Dear Mother Putnam – a Civilian “Blog Posts” on World War II in Manila

Marcial Lichauco, a 39-year-old “civilian”, recorded the atmosphere and happenings in his surroundings in Manila during World War II. His “posts” covered the period of the start of the war in December 1941 to the liberation of Manila (with his last posts being in February 1945). He wrote it as a series of letters (in a blog-like diary format) to his “Mother” Putnam, who took care of him while he was studying in the US. (Lichauco was the first Filipino graduate from Harvard.)

 

For me, reading this book was quite an experience.

While reading Dear Mother Putnam…

I could feel every slap that the Filipinos received from the power-tripping Japanese.

I could feel the fear of the Filipinos of being taken into Fort Santiago for the dreaded questioning and torture — not knowing if one would come out of it alive.

 

I could feel the dilemma of the Filipinos who were forced to cooperate with the Japanese authorities while always watching their backs for guerillas planning to assassinate them.

I could almost feel what it was like to live during the three years of hell the Filipinos experienced under the Japanese regime until the the barbaric scorching of the city, when the Japanese retreated from Manila in 1945.

But beyond those horrors, I could also feel the honor and pride of every Filipino soldier who fought side-by-side with the Americans in Bataan and Corregidor to defend our country.

This made me realize how blessed I am for living in a peaceful world and never experiencing the hardships of World War II.

It’s hard to put this book down once you start reading it, especially since it’s like reading a fiction novel but with the grim realization that the events that happened in it were real.

Thanks to Sunshine De Leon for sharing this piece of Philippine History from her grandfather Marcial Lichauco. I felt that it was a bit bitin thoughIt fueled my love for learning more about our history. Maybe you can convince your grandmother Jessie to start a blog to share with us the stories of post-World War II in Manila. (I can create the blog for her and she just needs to write. 🙂 )

Live an Awesome Life,  

Anton 

Text and Photos by Anton Diaz. Copyright 2009. 
blog: www.OurAwesomePlanet.com
mobile: +63917-LOVEOAP (5683627) 
email: anton@diaz.ph

P.S. Sunshine is helping her grandma sell the book for P500. You can contact her directly. I can ship a copy to you for an additional P100 (for logistics and shipping fee). Email Rache at rache@diaz.ph.

9 thoughts on “Dear Mother Putnam – a Civilian “Blog Posts” on World War II in Manila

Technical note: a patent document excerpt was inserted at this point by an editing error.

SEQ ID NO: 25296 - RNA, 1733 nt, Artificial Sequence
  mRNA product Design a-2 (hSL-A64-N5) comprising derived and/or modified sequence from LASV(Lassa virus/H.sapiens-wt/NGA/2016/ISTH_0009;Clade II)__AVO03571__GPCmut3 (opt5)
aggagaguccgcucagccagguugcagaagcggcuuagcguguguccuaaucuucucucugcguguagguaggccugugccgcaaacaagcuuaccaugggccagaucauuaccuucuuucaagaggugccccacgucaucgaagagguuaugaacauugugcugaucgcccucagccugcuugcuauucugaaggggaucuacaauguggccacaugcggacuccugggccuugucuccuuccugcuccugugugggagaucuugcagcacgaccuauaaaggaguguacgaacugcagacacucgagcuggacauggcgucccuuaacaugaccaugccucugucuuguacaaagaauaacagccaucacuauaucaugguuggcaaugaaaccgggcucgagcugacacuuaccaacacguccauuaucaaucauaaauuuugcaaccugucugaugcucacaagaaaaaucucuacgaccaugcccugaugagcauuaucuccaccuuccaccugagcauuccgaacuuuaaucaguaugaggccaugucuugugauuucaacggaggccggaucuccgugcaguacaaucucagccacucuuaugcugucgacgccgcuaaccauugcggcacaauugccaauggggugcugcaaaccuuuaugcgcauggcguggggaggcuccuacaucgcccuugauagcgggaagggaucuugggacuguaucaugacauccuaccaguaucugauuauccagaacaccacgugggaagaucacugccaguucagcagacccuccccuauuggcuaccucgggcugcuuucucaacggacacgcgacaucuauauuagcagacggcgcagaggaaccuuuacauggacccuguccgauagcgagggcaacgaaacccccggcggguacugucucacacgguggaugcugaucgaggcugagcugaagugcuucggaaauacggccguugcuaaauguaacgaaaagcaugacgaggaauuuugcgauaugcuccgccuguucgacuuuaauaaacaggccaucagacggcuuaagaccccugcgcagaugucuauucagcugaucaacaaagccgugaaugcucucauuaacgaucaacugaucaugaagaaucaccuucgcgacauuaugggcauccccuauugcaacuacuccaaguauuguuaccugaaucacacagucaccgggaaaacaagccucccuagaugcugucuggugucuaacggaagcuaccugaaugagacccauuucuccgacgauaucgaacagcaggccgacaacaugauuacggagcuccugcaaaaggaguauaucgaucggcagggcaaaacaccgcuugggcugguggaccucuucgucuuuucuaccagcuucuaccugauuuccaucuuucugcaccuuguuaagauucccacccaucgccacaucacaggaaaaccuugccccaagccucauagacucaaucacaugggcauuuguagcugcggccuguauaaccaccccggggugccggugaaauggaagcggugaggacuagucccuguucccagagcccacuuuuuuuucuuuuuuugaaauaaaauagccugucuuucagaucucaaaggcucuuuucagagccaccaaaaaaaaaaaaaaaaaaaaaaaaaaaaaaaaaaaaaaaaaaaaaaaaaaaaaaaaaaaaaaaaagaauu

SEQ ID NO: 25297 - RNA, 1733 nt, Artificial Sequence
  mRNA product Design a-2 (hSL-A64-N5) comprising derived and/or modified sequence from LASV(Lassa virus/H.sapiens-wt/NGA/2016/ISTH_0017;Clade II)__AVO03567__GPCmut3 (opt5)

1. I am keenly interested in reading this book (and similar works). Unfortunately it doesn’t seem to be available through my local booksellers. Do you have recommendations where I might find a copy? I already tried amazon. No luck. Thanks.

  2. Thanks for telling us about this book-I read a few days ago “Adventures of a Child of War” by
    Lin Acacio-Flores. It is a novel told from the point of view of a high school boy living a middle class life in Manila when the Japanese invade. It is written for readers 14 and up but can easily be enjoyed by any one. It is very well written and you can learn a lot from it. I bought it for 199 pesos at National Book Store in Trinoma. In fact I recently reviewed it for my blog rereadinglives.blogspot.com. I would love it if anyone who has family insight into the period could read my post and comment on it.

  3. Anton, it’s absolutely wonderful that you included this book in your blog. Sunshine gave me a copy of the book and now I have to read it!!!

  4. a first-hand account of World War 2 can also be found in a chapter in the non-fiction book “the manila we knew”. very painful to read but very important to learn how war has changed manila. it has emboldened me to ask my lola about how war was in their province. she said they hid from the japanese soldiers under a cliff and her dad was beaten up by the japs.
    i hope your readers can also ask their grandparents/great grandparents to talk about their war experiences in their provinces so we can see a bigger picture of the countrythen, not just manila.

  5. My grandmother Edwina and her siblings were mentioned in this book. They were the children of Marciel’s very best friend Richard Fitzsimmons, who died in the Santo Tomas war camp. Marciel cared for the children and the subsequently came to the US and lived under his sister Dottie’s care. How can I get a copy of this book, it is our family’s last piece of our Filipino roots.

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